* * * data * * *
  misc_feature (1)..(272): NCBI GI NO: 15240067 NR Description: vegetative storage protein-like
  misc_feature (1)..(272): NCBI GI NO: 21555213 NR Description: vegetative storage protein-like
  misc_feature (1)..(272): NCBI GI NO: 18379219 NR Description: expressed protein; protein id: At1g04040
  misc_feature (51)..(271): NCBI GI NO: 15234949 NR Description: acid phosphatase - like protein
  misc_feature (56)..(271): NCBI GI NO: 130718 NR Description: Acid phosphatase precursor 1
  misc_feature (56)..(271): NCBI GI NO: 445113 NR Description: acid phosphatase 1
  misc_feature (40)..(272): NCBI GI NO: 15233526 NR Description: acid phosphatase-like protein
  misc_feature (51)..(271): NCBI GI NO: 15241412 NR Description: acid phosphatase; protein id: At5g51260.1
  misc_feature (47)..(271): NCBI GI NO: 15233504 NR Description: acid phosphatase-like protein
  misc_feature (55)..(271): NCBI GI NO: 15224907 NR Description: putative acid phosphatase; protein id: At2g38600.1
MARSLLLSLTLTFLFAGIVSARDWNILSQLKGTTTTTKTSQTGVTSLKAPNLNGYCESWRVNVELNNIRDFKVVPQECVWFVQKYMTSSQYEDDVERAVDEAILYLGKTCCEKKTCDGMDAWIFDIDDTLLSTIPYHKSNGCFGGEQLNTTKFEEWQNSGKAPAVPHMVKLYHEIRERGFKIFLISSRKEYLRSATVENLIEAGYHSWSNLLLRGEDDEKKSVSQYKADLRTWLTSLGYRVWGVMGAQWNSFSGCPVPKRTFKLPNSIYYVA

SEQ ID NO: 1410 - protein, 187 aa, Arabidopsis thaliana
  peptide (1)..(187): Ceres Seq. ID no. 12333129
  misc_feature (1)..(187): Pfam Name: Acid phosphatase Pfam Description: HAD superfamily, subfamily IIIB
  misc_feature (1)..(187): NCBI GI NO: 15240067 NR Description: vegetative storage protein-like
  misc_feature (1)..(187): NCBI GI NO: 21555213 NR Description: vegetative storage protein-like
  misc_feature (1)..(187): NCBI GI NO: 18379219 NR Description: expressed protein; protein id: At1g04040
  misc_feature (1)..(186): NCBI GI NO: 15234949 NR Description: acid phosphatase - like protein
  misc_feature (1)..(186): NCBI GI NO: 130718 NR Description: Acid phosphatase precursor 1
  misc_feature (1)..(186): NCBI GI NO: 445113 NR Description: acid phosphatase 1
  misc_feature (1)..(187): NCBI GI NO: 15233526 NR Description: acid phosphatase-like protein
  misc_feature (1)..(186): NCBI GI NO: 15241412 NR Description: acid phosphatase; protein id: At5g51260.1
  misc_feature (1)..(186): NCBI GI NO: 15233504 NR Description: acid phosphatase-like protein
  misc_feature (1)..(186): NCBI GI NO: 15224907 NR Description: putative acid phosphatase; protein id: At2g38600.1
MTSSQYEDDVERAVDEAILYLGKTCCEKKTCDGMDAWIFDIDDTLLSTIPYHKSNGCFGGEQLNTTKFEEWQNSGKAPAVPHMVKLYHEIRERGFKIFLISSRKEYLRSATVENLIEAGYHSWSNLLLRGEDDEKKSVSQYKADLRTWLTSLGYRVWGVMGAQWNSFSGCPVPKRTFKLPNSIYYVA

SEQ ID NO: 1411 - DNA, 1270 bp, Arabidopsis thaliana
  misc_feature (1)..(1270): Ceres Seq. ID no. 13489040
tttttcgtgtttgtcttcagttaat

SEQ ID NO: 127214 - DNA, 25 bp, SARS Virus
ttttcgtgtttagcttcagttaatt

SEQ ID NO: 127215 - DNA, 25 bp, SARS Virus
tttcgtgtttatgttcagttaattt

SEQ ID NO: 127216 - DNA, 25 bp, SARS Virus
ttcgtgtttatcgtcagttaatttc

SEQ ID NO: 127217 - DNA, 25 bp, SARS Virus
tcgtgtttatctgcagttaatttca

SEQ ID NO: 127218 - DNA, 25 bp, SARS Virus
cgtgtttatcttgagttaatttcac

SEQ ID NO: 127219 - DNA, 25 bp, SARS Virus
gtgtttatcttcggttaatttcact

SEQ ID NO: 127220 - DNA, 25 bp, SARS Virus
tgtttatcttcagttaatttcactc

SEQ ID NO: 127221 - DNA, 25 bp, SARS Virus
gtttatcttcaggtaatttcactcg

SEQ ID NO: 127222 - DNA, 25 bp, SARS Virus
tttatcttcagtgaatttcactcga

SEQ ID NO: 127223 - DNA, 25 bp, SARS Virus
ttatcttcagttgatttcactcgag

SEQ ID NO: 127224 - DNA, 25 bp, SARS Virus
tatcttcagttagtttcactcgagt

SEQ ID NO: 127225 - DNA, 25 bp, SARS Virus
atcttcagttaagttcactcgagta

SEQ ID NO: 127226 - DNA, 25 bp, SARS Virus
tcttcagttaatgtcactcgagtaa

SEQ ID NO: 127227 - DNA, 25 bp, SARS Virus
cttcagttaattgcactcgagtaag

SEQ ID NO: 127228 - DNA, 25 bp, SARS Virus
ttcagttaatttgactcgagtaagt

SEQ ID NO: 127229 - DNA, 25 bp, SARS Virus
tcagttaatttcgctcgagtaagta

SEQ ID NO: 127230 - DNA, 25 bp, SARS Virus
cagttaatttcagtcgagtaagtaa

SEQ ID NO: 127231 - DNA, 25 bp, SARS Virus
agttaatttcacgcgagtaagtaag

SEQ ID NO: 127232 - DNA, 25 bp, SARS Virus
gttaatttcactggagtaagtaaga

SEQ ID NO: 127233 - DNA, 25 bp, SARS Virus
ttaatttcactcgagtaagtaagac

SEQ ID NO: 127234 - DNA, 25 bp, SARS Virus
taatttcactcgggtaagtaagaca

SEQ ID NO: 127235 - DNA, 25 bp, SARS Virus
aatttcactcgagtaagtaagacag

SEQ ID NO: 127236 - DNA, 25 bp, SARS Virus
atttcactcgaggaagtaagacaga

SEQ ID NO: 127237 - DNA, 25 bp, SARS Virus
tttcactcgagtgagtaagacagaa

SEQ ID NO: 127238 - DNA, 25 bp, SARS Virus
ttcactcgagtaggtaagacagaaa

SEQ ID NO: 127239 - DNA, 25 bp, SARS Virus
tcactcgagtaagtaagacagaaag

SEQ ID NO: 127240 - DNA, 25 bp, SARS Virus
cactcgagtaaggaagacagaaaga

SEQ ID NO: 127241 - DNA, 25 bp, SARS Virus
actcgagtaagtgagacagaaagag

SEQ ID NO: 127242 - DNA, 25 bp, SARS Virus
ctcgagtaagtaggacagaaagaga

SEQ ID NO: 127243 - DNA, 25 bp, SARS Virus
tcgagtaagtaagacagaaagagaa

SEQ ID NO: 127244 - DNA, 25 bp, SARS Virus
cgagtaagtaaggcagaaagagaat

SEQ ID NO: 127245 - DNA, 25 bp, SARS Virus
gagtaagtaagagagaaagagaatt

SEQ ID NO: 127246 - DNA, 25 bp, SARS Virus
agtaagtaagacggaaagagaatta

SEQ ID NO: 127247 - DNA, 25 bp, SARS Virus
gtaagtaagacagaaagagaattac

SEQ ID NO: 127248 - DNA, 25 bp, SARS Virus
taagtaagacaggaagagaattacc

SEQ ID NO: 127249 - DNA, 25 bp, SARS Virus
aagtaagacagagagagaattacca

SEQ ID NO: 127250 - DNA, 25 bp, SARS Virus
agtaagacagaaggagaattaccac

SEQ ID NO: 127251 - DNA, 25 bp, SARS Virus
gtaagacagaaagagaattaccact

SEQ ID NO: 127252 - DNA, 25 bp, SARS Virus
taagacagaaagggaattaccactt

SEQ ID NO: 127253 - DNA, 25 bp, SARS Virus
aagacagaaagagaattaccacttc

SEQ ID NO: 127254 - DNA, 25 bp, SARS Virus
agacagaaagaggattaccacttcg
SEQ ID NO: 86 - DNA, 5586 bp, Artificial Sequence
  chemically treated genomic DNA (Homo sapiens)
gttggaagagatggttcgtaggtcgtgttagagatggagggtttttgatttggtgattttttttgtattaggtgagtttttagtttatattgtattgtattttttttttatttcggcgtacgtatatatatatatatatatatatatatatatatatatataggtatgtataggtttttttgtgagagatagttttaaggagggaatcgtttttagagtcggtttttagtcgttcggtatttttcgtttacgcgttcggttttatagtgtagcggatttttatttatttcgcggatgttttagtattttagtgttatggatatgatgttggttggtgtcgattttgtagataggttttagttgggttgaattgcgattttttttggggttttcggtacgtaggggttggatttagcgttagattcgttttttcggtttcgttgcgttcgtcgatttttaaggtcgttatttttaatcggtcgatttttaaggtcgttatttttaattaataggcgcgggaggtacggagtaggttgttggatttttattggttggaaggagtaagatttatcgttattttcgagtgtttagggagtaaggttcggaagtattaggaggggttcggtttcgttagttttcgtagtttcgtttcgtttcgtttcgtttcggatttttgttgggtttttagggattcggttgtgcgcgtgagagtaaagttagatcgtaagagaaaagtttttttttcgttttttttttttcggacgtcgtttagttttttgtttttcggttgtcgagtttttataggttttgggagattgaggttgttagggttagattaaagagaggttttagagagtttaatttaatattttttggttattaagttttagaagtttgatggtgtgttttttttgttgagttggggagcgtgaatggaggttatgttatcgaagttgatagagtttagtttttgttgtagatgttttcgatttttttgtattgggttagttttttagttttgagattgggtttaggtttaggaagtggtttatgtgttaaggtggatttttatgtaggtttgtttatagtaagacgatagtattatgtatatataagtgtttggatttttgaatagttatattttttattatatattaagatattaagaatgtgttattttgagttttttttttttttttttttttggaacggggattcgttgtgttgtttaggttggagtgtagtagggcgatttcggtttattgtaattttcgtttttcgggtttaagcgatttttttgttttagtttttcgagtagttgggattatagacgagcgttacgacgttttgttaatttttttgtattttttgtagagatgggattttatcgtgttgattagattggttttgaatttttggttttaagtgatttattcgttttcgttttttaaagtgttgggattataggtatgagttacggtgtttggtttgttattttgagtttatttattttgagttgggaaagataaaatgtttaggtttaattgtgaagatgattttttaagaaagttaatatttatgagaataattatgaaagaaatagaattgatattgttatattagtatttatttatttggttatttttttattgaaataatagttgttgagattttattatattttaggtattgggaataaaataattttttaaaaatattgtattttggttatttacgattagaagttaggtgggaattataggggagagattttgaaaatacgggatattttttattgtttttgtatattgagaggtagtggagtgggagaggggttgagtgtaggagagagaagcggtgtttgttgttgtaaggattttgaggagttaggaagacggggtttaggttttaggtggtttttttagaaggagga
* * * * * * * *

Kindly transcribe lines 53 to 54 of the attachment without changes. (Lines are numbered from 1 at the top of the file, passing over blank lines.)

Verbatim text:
SEQ ID NO: 127226 - DNA, 25 bp, SARS Virus
tcttcagttaatgtcactcgagtaa